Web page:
VentureBeat has an interview with Google's VP Marissa Mayer about social search. Marissa's definitions for social search is "any search aided by a social interaction or a social connection... Social search happens every day. When you ask a friend what movies are good to go see? or where should we go to dinner?, you are doing a verbal social search. You're trying to leverage that social connection to try and get a piece of information that would be better than what you'd come up with on your own."
She explains that Google tried to add a social layer by allowing its users to annotate search results in Google Co-op, but that didn't work very well. "There have been a few topical areas that have had a lot of traction, but overall the annotation model needs to evolve."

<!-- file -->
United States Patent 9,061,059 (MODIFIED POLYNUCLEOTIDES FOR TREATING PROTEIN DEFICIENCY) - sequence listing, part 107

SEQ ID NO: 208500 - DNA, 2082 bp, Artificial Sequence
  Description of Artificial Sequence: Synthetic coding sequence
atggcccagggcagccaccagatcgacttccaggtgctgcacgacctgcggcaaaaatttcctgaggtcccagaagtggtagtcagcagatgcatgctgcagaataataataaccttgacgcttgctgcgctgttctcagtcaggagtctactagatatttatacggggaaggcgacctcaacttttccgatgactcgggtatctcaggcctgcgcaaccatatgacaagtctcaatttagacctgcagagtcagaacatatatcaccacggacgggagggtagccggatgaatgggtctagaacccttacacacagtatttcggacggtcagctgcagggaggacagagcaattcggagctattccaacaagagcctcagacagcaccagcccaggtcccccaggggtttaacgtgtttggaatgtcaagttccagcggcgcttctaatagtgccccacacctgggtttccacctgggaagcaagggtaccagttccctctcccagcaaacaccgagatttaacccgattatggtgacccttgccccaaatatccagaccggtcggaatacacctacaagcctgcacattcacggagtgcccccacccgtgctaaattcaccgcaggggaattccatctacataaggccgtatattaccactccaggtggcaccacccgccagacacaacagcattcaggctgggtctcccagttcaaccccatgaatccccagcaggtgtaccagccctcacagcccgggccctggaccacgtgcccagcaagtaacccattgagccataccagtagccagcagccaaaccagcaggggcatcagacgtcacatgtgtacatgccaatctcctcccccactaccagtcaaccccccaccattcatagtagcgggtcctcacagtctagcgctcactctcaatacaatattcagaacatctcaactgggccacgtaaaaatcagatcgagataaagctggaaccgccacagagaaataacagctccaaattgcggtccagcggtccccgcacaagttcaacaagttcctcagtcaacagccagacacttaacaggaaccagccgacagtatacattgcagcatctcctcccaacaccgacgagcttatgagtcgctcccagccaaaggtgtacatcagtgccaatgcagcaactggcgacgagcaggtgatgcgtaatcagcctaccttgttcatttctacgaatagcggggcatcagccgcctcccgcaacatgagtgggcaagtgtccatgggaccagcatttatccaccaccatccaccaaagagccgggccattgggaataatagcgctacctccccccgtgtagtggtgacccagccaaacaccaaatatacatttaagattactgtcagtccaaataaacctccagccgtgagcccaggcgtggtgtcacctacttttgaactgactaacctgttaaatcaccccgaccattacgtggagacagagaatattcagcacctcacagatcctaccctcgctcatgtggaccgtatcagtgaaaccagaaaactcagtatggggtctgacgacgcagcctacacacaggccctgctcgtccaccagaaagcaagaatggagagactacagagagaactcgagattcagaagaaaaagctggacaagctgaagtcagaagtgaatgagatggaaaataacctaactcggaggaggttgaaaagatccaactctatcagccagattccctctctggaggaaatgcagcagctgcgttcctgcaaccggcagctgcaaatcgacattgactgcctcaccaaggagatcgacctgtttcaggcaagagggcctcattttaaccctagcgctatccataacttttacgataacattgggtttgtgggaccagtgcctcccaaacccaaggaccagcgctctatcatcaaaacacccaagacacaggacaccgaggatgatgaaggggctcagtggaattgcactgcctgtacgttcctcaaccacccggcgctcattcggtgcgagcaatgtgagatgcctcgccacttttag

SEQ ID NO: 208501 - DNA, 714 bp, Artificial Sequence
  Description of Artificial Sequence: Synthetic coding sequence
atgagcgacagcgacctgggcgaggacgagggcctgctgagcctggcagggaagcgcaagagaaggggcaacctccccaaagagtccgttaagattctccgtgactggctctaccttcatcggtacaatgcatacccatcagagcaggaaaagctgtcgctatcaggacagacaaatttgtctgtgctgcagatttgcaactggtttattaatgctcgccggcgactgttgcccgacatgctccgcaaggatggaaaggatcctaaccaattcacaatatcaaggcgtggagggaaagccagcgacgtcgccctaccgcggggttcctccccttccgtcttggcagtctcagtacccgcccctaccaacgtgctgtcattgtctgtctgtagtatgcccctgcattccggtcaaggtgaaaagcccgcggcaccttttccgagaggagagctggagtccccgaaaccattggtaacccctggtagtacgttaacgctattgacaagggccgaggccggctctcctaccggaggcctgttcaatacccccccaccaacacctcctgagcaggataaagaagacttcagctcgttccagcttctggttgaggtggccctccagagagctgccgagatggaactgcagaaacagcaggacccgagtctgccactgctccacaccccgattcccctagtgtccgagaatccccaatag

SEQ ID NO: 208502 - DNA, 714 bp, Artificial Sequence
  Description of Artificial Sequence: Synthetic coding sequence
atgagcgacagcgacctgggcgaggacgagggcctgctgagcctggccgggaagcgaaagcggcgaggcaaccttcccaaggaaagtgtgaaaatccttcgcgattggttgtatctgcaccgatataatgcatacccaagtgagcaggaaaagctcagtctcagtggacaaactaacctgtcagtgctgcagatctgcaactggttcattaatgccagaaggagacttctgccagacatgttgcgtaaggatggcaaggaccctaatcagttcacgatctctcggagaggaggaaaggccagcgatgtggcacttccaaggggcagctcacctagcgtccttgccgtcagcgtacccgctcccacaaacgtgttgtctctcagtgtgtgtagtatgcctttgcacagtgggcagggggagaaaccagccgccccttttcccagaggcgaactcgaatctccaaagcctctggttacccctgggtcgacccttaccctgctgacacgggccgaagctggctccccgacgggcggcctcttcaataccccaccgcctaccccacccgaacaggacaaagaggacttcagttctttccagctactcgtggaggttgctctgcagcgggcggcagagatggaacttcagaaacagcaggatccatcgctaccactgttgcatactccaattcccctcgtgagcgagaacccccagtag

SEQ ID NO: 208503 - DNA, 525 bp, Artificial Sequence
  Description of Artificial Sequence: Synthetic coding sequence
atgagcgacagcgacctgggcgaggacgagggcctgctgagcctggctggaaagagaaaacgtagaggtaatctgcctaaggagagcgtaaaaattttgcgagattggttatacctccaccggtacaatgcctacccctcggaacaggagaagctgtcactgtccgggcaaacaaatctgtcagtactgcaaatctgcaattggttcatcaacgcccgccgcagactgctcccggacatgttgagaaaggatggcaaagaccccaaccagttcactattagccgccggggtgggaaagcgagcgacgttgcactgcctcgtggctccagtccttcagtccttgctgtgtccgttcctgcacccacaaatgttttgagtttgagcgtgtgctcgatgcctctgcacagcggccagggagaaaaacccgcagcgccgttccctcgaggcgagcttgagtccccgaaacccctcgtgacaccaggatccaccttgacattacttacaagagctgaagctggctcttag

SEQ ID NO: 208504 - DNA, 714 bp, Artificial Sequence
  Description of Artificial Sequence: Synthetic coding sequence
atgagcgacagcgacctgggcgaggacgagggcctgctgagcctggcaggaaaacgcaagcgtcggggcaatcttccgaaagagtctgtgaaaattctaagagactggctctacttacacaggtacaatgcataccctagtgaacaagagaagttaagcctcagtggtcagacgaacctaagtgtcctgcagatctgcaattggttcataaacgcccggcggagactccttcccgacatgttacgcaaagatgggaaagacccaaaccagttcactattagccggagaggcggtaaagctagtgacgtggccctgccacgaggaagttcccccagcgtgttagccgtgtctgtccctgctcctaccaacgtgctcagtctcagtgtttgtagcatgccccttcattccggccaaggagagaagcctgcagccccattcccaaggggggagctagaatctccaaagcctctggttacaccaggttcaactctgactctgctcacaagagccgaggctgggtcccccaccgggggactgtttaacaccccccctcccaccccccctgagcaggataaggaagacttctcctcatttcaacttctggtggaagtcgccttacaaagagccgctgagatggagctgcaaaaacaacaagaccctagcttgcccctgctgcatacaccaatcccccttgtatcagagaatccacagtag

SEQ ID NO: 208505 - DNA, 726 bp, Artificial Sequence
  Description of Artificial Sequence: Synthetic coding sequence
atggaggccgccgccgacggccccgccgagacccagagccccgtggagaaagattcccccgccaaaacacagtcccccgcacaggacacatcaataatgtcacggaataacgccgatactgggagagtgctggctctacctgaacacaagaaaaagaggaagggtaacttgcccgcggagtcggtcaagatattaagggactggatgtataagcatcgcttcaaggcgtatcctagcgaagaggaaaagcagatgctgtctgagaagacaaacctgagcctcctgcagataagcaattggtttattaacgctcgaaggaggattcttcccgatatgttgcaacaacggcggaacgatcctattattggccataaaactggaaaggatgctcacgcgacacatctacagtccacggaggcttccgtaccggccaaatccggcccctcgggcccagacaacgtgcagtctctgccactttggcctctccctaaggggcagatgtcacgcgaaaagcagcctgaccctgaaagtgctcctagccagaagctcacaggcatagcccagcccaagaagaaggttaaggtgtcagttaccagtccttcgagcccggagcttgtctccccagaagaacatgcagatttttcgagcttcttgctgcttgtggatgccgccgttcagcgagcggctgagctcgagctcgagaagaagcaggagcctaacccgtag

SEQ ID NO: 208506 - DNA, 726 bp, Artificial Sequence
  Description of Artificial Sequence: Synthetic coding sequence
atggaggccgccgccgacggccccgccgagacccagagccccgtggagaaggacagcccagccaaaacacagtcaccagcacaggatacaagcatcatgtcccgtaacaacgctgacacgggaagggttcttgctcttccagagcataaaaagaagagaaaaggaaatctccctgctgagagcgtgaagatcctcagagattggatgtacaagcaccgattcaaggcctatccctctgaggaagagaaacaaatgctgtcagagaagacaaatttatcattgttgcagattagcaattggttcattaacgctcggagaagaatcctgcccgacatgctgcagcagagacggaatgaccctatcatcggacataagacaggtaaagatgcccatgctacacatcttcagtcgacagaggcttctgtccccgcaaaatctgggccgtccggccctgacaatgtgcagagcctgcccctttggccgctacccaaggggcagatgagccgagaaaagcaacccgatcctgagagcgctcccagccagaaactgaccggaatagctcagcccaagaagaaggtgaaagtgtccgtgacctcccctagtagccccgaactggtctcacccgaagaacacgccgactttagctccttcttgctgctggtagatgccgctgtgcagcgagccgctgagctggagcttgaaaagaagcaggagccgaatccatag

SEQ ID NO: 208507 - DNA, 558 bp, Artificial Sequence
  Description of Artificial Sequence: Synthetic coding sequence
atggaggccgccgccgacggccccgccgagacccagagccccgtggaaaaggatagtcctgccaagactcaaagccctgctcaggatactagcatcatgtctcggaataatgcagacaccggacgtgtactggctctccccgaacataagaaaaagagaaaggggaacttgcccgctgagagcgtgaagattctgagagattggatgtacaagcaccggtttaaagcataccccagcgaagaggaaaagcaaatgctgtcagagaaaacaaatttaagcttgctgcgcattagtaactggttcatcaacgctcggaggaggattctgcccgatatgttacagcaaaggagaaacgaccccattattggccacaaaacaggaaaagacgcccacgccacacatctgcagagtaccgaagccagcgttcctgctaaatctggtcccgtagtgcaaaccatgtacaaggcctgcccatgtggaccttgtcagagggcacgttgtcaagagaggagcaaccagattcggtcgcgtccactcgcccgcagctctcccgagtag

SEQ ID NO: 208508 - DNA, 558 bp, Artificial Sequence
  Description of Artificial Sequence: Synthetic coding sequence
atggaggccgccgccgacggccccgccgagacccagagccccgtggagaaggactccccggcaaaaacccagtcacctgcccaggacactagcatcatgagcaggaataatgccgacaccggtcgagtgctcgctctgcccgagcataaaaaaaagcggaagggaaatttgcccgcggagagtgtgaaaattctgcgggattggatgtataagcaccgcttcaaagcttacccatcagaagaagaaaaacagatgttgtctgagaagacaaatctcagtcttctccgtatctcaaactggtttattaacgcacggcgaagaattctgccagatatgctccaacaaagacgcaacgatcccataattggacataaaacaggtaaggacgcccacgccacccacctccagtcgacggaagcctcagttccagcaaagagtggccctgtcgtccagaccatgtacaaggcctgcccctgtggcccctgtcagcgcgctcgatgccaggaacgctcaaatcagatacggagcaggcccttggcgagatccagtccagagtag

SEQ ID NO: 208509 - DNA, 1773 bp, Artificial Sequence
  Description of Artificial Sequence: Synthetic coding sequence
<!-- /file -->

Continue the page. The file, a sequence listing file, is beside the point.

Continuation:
Marissa Mayer suggests that Google could show you the results labeled by the people you trust, for example your Facebook friends. Google could also personalize your search results by promoting web pages bookmarked by your friends. "PageRank itself relies on the link structure of the web to try to find the most authoritative pages. For example, it's clear that people would attribute more authority to the pages that their friends have visited."
Asked about the future of search, Marissa predicted that in ten years search engines will answer to queries like "what movies are good to see?", "where's the nearest sushi restaurant that's good?" by using information from the user's social context. Basically, the social data is just another way to personalize search results, along with your search history or your location.
Once your social data becomes portable (and OpenSocial could play an important role here), Google could use aggregate information from your friends to modify the weights in a personalized PageRank model.
Google and social search
Google's no-longer-existent Facebook app
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